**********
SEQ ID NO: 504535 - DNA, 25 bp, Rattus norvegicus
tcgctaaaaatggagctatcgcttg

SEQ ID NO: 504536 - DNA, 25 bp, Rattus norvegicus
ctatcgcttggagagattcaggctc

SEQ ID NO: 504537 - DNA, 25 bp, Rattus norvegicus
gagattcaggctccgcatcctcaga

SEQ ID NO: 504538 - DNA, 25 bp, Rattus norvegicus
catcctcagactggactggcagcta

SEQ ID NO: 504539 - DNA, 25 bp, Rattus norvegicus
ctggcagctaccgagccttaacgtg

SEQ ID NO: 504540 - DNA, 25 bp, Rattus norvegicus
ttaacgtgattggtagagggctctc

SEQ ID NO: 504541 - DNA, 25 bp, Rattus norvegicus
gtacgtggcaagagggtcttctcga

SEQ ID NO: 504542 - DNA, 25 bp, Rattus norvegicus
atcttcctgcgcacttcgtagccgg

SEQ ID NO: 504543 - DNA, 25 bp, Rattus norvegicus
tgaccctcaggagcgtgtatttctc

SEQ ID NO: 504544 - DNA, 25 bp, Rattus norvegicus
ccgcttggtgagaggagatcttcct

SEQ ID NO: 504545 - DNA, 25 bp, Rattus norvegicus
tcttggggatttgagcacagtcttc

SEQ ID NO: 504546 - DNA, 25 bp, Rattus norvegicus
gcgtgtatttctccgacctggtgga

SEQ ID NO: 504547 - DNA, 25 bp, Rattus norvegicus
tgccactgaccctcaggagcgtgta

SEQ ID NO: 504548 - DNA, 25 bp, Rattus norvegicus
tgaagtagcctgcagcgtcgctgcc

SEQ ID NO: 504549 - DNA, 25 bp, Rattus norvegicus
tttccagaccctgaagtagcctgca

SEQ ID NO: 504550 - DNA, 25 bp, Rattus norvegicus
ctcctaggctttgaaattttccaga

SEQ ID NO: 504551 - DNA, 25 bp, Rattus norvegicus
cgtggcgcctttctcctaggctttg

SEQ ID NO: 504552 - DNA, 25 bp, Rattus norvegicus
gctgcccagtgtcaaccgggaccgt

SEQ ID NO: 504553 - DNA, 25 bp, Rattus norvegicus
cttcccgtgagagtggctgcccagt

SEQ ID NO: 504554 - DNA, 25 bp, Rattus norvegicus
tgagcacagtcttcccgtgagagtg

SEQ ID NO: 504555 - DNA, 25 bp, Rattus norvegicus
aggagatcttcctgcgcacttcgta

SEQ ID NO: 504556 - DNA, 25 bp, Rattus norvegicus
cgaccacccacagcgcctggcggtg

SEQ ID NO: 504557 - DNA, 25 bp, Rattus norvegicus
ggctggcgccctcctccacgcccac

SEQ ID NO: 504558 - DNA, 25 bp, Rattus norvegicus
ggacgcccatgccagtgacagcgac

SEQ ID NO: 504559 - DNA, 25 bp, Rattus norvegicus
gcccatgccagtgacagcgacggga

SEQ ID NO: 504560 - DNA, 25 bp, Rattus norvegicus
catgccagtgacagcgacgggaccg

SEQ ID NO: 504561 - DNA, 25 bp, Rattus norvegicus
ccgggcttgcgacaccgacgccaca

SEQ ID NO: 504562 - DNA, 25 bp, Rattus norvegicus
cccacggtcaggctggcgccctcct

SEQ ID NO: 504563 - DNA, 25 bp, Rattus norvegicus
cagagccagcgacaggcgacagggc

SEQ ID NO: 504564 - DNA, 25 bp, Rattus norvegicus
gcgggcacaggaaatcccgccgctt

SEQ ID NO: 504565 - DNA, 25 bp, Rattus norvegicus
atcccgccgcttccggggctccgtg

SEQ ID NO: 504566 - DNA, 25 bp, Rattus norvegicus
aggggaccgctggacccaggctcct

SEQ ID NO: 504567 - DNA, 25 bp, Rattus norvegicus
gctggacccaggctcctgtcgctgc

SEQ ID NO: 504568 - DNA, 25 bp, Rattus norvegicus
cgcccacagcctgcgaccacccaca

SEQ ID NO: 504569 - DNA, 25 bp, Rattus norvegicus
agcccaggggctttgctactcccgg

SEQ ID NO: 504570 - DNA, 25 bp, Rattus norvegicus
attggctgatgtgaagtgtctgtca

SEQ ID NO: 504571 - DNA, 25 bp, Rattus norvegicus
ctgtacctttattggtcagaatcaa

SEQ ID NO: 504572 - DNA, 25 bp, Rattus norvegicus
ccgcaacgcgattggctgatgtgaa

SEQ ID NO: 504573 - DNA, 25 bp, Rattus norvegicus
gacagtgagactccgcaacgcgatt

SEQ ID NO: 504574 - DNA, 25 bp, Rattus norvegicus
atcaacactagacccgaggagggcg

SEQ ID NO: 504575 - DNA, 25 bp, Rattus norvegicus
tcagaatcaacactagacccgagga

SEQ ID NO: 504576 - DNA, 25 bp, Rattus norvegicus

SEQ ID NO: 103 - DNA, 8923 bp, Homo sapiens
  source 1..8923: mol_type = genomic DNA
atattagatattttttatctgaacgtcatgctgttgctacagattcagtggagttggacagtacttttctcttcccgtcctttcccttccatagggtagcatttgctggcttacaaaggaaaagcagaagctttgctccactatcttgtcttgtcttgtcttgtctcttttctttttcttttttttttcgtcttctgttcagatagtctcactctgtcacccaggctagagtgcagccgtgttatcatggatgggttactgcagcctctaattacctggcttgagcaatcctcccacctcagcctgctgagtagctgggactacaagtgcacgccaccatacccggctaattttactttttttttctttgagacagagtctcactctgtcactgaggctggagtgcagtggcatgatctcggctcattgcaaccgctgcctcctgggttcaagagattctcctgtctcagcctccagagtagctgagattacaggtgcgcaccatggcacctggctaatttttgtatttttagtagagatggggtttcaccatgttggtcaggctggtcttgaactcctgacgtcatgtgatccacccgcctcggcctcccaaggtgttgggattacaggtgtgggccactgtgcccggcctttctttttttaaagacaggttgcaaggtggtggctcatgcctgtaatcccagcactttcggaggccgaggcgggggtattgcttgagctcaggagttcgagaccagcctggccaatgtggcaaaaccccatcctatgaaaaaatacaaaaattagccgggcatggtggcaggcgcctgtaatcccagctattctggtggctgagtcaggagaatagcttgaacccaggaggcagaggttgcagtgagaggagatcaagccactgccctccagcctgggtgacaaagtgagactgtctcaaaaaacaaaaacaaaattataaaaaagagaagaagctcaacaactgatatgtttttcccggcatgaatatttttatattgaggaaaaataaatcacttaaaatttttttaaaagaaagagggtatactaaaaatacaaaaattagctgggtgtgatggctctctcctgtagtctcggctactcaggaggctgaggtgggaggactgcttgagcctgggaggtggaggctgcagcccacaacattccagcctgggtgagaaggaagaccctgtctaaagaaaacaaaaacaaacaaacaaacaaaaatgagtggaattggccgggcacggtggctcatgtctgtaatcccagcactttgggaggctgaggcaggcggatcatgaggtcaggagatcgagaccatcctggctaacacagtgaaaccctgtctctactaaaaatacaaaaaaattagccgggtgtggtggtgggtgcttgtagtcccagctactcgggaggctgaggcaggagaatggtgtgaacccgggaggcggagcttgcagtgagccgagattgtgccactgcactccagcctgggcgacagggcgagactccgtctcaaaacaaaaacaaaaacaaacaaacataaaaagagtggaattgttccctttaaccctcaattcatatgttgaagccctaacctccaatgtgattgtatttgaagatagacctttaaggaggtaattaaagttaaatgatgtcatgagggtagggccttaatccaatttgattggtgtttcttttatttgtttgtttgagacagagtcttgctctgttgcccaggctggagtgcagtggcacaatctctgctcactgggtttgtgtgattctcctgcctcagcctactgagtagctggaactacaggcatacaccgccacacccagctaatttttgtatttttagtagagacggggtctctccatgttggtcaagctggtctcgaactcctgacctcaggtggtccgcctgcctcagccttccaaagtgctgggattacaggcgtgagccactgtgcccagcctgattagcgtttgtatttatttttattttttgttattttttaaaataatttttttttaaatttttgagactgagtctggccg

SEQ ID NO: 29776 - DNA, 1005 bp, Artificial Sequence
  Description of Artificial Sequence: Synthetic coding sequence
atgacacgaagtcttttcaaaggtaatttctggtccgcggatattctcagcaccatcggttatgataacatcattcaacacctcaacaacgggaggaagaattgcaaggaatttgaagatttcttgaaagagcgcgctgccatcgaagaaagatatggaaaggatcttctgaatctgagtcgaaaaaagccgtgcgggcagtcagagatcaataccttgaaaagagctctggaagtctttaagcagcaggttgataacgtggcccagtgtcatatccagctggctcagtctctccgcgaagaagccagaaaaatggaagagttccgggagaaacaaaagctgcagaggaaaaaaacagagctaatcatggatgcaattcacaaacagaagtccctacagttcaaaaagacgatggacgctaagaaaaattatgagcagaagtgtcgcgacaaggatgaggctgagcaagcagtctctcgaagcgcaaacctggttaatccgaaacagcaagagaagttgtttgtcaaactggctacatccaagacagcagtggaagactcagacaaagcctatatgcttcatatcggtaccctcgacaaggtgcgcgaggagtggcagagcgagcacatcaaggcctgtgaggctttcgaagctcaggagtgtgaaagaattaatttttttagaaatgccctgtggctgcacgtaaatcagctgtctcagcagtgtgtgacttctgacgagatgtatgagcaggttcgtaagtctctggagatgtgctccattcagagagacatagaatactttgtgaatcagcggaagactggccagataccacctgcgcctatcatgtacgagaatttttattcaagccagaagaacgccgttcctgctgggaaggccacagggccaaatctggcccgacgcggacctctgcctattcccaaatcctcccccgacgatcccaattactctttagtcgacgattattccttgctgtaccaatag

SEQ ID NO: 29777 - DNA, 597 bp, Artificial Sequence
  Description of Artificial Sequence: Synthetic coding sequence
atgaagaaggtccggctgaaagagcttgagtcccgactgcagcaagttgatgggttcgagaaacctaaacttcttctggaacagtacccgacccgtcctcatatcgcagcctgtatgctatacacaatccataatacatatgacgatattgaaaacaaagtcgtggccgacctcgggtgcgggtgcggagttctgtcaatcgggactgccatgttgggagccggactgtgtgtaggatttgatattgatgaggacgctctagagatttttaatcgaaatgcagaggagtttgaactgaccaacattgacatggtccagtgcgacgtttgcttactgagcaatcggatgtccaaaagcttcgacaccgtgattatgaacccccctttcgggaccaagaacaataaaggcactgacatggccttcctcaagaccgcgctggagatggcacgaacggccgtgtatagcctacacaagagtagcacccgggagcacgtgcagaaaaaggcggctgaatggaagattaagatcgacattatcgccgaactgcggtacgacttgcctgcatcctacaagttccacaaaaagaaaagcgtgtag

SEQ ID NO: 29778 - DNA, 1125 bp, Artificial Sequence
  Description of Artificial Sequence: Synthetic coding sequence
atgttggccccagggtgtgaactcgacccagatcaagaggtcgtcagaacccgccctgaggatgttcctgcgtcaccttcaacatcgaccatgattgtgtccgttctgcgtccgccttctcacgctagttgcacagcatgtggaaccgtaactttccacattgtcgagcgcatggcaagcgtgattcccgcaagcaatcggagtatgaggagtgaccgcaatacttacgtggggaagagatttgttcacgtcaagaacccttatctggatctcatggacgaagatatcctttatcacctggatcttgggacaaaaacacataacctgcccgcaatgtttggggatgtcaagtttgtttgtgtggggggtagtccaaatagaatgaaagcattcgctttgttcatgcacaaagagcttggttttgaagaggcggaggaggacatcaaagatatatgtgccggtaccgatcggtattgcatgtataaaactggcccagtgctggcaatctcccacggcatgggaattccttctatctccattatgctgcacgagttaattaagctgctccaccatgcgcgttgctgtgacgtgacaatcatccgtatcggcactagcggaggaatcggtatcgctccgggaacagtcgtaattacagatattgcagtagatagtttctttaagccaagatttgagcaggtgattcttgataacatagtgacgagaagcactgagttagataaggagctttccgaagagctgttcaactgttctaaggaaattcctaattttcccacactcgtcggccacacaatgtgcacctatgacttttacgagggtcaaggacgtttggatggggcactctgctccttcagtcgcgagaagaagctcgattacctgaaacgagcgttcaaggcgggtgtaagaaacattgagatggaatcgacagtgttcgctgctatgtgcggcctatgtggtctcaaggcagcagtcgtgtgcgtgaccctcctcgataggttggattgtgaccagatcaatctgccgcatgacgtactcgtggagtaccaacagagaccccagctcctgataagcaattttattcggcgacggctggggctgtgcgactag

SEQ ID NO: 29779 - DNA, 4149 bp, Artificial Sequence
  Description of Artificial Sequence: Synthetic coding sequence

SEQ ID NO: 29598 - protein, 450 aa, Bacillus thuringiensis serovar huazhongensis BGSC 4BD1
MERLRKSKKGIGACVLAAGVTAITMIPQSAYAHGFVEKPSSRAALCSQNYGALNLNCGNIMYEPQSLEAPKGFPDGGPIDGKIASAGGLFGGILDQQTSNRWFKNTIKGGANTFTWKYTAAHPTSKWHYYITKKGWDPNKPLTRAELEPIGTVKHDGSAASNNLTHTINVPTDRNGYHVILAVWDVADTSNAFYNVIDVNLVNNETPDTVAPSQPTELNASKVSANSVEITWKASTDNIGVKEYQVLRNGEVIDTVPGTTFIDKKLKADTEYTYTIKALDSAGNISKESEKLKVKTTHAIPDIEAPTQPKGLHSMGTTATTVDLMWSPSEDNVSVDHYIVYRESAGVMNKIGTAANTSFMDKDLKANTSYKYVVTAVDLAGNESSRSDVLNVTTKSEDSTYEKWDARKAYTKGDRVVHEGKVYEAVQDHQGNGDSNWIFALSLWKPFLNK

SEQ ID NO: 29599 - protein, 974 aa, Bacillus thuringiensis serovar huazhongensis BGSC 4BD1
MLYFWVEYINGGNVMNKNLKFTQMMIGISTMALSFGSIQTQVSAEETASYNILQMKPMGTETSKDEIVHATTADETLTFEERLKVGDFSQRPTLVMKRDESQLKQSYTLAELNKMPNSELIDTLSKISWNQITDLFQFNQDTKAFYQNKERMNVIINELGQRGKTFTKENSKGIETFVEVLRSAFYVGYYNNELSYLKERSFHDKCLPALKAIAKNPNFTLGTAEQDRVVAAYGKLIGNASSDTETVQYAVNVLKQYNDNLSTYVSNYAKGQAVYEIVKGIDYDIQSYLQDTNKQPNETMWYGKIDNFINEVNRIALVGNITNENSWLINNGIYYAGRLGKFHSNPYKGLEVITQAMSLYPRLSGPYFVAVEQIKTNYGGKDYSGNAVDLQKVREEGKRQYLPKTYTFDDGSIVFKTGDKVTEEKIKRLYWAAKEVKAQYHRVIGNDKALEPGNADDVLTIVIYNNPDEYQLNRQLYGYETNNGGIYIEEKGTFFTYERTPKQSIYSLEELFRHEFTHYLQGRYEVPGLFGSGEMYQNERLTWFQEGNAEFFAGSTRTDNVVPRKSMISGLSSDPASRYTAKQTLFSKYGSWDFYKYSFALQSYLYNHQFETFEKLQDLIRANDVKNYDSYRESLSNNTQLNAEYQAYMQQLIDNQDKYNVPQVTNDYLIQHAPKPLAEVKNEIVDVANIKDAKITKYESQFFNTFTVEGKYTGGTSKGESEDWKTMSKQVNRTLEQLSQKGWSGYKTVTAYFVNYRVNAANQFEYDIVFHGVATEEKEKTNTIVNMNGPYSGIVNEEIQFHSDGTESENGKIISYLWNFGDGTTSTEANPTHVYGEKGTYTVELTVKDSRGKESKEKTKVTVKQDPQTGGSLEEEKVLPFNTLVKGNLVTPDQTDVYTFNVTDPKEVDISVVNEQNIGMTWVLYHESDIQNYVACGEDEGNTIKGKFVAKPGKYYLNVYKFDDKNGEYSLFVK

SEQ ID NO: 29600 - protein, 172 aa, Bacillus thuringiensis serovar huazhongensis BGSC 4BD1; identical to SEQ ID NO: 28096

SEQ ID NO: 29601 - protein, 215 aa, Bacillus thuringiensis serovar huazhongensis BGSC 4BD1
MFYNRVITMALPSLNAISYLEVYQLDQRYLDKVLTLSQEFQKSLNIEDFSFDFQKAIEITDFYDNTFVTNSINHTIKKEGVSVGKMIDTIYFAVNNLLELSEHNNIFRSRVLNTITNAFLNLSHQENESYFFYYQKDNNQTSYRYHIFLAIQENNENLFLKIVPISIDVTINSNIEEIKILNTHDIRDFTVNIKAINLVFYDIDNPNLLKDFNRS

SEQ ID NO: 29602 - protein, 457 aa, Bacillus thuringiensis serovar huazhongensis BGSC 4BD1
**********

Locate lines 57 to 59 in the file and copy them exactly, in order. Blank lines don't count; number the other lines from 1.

SEQ ID NO: 504563 - DNA, 25 bp, Rattus norvegicus
cagagccagcgacaggcgacagggc

SEQ ID NO: 504564 - DNA, 25 bp, Rattus norvegicus